The 2021-22 NHL season starts Oct. 12. With training camps open, NHL.com is taking a look at the three keys, the inside scoop on roster questions, and the projected lineup for each of the 32 teams. Today, the Los Angeles Kings.
Coach: Todd McLellan (third season)
Last season: 21-28-7; sixth in Honda West Division, did not qualify for Stanley Cup Playoffs
1. Seizing the opportunity
They have a realistic chance to make the Stanley Cup Playoffs for the first time since 2017-18 competing in the Pacific Division with the expansion Seattle Kraken and four teams (Calgary Flames, Vancouver Canucks, San Jose Sharks, Anaheim Ducks) that did not qualify last season. Forwards Phillip Danault and Viktor Arvidsson were added to a veteran core of forwards Anze Kopitar and Dustin Brown, defenseman Drew Doughty and goalie Jonathan Quick. There’s also a fertile base of young players (defensemen Mikey Anderson and Tobias Bjornfot, and forwards Gabriel Vilardi and Jaret Anderson-Dolan) getting their footing in the NHL and prospects (forwards Quinton Byfield, Alex Turcotte, Arthur Kaliyev) close to breaking through.
“We’re past the rebuilding part,” Kopitar said. “We’re here to win. We’ve been in a position the last few years where we’re more in a rehab mode. It’s time to make some noise and take the next step.”
2. Play of Petersen
This could be the season 26-year-old goalie Calvin Petersen receives the torch from Quick, a 35-year-old and two-time Stanley Cup champion (2012, 2014). Peterson started 32 games last season to Quick’s 22, marking the second time since 2009-10 that Quick didn’t lead Kings goalies in starts; the previous time was 2016-17, when Quick was limited to 17 games because of a lower-body injury. Petersen was 9-18-5 with a 2.89 goals-against average and .911 save percentage in an NHL career-high 35 games last season.
3. Next line of defense
Bjornfot, 20, and Anderson, 22, must find the next level with Doughty, 31, leading the Kings in ice time per game every season since joining the NHL in 2008-09, including 26:23 last season. Los Angeles signed 35-year-old defenseman Alexander Edler to a one-year contract July 28 to help guide the younger players at the position. In the pipeline is Brandt Clarke, an 18-year-old who was the No. 8 pick in the 2021 NHL Draft and is expected to play for Barrie of the Ontario Hockey League this season.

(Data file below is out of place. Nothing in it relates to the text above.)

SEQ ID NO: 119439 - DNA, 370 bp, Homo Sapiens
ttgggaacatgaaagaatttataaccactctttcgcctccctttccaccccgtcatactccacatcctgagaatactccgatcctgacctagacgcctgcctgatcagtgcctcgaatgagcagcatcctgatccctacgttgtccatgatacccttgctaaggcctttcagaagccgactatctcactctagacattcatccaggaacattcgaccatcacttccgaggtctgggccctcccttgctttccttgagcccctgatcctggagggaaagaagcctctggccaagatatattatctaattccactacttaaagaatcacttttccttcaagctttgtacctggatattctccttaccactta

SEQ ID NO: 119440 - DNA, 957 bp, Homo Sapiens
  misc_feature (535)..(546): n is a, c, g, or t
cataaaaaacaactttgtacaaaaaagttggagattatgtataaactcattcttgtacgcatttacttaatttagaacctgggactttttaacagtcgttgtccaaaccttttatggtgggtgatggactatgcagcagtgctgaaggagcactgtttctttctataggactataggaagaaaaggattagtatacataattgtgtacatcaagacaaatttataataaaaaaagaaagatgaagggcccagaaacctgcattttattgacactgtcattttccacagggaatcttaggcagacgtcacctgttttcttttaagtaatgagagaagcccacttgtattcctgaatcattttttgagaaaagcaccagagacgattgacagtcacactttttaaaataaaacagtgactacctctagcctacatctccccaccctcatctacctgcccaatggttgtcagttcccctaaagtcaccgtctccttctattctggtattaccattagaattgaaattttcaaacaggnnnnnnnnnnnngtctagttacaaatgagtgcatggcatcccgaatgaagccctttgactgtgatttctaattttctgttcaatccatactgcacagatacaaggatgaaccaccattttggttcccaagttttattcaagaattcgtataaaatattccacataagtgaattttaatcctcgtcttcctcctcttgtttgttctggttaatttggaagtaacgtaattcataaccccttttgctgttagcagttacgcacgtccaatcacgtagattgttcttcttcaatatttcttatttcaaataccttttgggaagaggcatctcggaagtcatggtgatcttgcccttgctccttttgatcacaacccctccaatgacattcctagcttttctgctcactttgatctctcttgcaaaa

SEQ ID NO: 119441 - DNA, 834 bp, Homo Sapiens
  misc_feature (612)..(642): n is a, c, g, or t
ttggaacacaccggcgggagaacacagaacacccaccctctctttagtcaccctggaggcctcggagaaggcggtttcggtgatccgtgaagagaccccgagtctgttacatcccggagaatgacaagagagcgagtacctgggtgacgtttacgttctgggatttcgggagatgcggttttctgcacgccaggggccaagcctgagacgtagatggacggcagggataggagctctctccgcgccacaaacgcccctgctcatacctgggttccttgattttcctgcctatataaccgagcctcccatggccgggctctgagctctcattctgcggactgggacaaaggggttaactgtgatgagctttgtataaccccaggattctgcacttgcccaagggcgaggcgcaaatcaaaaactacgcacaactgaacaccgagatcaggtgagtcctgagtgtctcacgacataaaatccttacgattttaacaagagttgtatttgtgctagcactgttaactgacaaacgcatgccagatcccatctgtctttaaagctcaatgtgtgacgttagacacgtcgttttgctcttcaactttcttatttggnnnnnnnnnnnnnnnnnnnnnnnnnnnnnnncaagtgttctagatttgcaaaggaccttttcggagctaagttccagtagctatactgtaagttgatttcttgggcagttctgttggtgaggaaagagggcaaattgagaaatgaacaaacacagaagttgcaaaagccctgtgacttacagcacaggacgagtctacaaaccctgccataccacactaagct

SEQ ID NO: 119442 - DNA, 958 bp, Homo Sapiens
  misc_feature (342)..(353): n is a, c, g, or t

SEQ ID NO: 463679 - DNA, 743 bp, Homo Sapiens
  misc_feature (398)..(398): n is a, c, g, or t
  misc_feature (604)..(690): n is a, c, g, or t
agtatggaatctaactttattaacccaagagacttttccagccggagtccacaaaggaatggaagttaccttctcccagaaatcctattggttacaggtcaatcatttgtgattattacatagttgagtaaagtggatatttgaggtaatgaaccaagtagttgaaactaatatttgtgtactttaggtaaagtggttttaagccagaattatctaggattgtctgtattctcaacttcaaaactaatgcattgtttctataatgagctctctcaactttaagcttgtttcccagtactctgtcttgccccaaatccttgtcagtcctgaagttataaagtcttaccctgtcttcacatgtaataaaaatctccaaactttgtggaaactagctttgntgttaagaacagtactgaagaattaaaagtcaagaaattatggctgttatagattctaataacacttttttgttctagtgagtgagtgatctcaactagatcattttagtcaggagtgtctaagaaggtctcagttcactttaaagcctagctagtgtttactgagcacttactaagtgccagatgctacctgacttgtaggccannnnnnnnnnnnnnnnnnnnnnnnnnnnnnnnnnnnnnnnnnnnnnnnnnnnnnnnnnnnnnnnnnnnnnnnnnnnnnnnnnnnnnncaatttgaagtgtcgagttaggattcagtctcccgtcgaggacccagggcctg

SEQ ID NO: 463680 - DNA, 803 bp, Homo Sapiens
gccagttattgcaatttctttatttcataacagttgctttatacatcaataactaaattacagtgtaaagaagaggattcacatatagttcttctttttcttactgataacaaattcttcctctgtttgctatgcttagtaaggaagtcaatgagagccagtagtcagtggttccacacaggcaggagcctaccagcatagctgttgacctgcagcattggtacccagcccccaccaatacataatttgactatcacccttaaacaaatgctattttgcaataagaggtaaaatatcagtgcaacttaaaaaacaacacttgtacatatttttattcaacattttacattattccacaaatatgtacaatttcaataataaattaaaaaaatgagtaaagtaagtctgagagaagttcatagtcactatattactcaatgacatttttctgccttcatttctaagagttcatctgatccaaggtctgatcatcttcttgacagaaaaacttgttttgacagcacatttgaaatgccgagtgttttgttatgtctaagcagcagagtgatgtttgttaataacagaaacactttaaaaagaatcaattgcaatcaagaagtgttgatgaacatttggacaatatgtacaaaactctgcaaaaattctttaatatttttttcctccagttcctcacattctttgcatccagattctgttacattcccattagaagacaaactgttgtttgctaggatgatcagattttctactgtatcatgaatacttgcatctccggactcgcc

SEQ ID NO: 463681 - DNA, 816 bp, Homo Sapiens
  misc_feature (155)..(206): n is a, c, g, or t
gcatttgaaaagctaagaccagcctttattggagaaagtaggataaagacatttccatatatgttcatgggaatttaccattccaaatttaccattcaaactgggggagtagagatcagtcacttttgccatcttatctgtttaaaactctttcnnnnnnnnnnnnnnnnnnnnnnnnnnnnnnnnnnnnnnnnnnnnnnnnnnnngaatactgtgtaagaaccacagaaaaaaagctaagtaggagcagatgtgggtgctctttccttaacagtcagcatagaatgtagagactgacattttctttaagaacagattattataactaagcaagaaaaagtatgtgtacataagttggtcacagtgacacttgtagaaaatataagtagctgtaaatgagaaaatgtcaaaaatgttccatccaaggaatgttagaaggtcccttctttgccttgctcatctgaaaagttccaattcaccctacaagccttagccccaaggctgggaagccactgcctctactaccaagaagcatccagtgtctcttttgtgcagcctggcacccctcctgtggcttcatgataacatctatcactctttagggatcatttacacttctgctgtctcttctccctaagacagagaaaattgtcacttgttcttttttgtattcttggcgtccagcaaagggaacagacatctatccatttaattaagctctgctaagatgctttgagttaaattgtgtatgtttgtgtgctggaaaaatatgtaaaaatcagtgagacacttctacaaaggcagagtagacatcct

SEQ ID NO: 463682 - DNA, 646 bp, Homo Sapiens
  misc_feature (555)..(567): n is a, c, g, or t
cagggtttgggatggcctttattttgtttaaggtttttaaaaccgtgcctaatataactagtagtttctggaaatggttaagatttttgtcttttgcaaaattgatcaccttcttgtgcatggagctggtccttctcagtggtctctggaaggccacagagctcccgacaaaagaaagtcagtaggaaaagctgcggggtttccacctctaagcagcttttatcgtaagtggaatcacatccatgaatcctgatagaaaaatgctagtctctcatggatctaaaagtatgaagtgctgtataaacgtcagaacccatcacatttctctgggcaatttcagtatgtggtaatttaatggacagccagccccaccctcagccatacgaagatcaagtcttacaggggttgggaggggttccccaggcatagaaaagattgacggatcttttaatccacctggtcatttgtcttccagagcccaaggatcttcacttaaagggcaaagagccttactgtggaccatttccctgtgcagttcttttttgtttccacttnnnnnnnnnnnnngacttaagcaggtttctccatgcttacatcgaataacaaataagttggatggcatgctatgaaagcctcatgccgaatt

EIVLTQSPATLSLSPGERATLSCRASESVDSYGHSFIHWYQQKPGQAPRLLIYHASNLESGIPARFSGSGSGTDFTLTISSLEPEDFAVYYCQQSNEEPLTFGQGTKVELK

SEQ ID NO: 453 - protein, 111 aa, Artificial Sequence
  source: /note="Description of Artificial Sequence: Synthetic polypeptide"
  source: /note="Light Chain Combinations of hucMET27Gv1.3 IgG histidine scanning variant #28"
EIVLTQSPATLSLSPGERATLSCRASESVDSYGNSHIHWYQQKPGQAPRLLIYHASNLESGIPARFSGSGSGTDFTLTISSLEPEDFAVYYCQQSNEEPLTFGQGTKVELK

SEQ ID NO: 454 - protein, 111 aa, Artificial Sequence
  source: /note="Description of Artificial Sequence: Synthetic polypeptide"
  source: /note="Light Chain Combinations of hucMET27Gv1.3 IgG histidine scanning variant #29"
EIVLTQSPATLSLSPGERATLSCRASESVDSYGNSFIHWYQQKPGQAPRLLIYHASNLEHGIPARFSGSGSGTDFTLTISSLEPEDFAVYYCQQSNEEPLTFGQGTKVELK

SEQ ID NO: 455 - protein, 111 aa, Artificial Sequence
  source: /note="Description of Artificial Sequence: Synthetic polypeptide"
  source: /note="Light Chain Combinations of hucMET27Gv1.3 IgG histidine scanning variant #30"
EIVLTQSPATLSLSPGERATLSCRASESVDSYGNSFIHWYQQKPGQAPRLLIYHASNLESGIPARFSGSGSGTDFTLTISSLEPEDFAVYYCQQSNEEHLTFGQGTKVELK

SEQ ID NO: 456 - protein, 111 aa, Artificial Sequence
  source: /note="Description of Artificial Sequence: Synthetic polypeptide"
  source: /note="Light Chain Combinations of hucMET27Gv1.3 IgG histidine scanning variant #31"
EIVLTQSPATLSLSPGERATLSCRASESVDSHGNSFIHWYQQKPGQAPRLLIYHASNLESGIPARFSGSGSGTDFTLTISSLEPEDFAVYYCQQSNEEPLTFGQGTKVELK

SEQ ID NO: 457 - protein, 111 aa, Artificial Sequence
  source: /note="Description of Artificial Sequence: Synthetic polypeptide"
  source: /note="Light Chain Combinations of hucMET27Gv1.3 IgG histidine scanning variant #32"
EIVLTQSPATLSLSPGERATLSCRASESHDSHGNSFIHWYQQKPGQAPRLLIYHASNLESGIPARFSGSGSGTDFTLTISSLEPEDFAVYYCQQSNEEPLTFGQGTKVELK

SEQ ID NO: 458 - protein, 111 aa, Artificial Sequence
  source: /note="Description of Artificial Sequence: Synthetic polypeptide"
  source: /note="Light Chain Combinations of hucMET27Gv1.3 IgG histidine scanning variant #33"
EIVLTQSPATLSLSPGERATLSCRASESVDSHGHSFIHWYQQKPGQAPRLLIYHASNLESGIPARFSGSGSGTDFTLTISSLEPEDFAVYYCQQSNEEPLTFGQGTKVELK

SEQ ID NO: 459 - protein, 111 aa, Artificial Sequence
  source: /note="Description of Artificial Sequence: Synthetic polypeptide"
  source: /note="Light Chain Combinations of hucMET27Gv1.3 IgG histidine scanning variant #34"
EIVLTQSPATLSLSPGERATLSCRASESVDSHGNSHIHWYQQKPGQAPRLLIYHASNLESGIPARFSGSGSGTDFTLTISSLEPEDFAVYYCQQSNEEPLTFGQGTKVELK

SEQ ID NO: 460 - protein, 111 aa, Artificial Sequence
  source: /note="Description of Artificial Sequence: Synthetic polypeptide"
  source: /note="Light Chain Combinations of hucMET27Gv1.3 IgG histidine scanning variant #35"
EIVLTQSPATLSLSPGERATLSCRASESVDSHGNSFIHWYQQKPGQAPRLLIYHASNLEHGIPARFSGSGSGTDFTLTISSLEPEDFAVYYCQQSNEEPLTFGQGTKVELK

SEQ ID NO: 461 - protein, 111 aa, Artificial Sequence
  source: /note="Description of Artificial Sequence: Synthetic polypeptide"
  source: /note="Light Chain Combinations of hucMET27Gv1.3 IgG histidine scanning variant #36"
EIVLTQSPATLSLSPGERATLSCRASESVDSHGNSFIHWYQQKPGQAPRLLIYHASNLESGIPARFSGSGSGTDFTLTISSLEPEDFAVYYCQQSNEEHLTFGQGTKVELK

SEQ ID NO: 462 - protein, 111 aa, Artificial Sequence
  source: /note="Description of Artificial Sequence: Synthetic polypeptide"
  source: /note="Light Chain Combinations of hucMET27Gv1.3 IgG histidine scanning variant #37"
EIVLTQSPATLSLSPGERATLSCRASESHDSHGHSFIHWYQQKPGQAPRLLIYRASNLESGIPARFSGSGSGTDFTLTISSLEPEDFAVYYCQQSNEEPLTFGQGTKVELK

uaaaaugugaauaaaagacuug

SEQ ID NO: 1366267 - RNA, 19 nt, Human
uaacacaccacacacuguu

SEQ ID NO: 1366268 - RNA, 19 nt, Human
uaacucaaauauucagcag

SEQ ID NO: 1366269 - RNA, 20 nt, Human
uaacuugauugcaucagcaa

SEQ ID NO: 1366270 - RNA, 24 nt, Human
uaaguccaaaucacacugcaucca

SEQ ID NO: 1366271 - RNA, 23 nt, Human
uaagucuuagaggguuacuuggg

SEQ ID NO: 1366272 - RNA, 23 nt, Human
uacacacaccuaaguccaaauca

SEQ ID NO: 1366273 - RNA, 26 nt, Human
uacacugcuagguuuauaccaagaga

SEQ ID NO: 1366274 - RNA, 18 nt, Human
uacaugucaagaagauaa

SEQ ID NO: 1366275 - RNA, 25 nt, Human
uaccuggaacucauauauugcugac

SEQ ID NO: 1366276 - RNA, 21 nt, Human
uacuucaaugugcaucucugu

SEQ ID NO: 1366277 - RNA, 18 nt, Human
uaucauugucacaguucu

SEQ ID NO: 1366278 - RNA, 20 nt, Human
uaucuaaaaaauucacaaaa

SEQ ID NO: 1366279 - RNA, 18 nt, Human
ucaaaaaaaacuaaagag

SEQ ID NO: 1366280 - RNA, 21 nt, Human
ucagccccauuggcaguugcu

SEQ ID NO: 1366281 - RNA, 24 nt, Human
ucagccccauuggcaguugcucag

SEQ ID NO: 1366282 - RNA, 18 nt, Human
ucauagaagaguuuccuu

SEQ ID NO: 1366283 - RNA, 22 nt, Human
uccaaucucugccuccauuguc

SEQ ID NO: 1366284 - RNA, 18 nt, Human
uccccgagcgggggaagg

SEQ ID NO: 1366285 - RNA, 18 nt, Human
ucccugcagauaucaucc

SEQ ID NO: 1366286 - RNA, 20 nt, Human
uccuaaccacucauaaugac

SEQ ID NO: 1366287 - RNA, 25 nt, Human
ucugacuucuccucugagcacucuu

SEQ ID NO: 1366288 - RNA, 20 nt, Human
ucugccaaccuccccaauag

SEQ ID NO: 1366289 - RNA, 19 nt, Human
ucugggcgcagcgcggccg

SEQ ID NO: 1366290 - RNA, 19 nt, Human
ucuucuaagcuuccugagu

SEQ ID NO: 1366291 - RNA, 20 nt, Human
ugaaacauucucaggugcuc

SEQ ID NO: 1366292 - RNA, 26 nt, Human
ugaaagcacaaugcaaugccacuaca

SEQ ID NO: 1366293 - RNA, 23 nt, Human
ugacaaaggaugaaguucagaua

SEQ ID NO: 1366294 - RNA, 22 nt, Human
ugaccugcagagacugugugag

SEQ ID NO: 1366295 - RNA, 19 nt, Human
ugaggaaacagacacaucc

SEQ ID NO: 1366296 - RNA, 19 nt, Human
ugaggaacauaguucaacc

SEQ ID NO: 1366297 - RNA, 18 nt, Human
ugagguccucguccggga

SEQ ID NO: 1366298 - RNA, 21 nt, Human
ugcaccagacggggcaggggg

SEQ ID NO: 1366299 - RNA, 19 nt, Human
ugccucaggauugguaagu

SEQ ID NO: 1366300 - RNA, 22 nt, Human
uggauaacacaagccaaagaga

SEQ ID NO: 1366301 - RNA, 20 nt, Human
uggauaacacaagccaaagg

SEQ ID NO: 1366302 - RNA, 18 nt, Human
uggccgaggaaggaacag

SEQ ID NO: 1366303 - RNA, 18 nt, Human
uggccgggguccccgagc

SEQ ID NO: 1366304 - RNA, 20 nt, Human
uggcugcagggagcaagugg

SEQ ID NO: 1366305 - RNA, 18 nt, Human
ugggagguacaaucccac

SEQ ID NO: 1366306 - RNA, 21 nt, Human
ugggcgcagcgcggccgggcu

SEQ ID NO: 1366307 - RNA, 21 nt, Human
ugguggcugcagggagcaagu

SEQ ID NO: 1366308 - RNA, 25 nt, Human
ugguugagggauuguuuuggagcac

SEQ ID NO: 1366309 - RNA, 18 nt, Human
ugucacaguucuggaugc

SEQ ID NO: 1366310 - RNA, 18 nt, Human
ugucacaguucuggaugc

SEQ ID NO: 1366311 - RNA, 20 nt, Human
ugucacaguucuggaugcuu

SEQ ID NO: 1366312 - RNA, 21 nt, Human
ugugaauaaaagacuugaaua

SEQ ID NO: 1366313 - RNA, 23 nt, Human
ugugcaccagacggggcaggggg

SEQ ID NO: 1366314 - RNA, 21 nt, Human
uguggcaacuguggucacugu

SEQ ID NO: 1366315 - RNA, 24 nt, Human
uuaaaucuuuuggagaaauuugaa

Prospects are likely to compete with Anderson-Dolan, Blake Lizotte, Carl Grundstrom, Andreas Athanasiou and Brendan Lemieux for ice time at forward. Byfield and Turcotte played at the 2021 Rookie Faceoff in Arizona from Sept. 17-20 after each was limited at development camp with a foot injury and acute appendicitis, respectively. Kaliyev also participated following his absence from camp because of personal reasons.
Most intriguing addition
The Kings hope Arvidsson can spark an offense that was 27th in the NHL last season with an average of 2.54 goals per game and finds the form that made him a two-time 30-goal scorer for the Nashville Predators. Arvidsson scored an NHL career-high 61 points in 2016-17 and 2017-18, and set a Predators record with 34 goals in 2018-19. But the past two seasons he’s scored 25 goals in 107 games, and his shooting percentage of 6.6 percent in 2020-21 was his lowest since his rookie season of 2015-16 (5.8 percent).
Biggest potential surprise
Sean Walker might play a larger role than expected during the transition to younger players at defenseman. The 26-year-old scored eight points (three goals, five assists) in his final 10 games last season to finish with 18 points (five goals, 13 assists) in 47 games while averaging 18:10 of ice time, one season removed from scoring 24 points (five goals, 19 assists) and playing 18:50 per game.
Ready to break through
Even if Byfield starts the season with Ontario in the American Hockey League, it may not take long for the 19-year-old center to find his way back with the Kings in an expanded role. The No. 2 pick in the 2020 NHL Draft had one assist in six NHL games and scored 20 points (eight goals, 12 assists) in 32 AHL games last season.
Petersen (fantasy average draft position: 171.8) is a potential beneficiary of the Kings’ offseason moves, most notably the additions of Danault, Arvidsson and Edler. Petersen, who has challenged Quick for playing time at different points during each of the past three seasons, has a .916 save percentage in 54 NHL games the past three seasons, compared to Quick’s .896 save percentage in 110 games during that span. Petersen is a deep fantasy sleeper for Los Angeles, a possible playoff team this season. — Rob Reese
Alex Iafallo — Anze Kopitar — Dustin Brown
Adrian Kempe — Phillip Danault — Viktor Arvidsson
Andreas Athanasiou — Jaret Anderson-Dolan — Gabriel Vilardi
Brendan Lemieux — Quinton Byfield — Trevor Moore
Mikey Anderson — Drew Doughty
Alexander Edler — Matt Roy
Olli Maatta — Sean Walker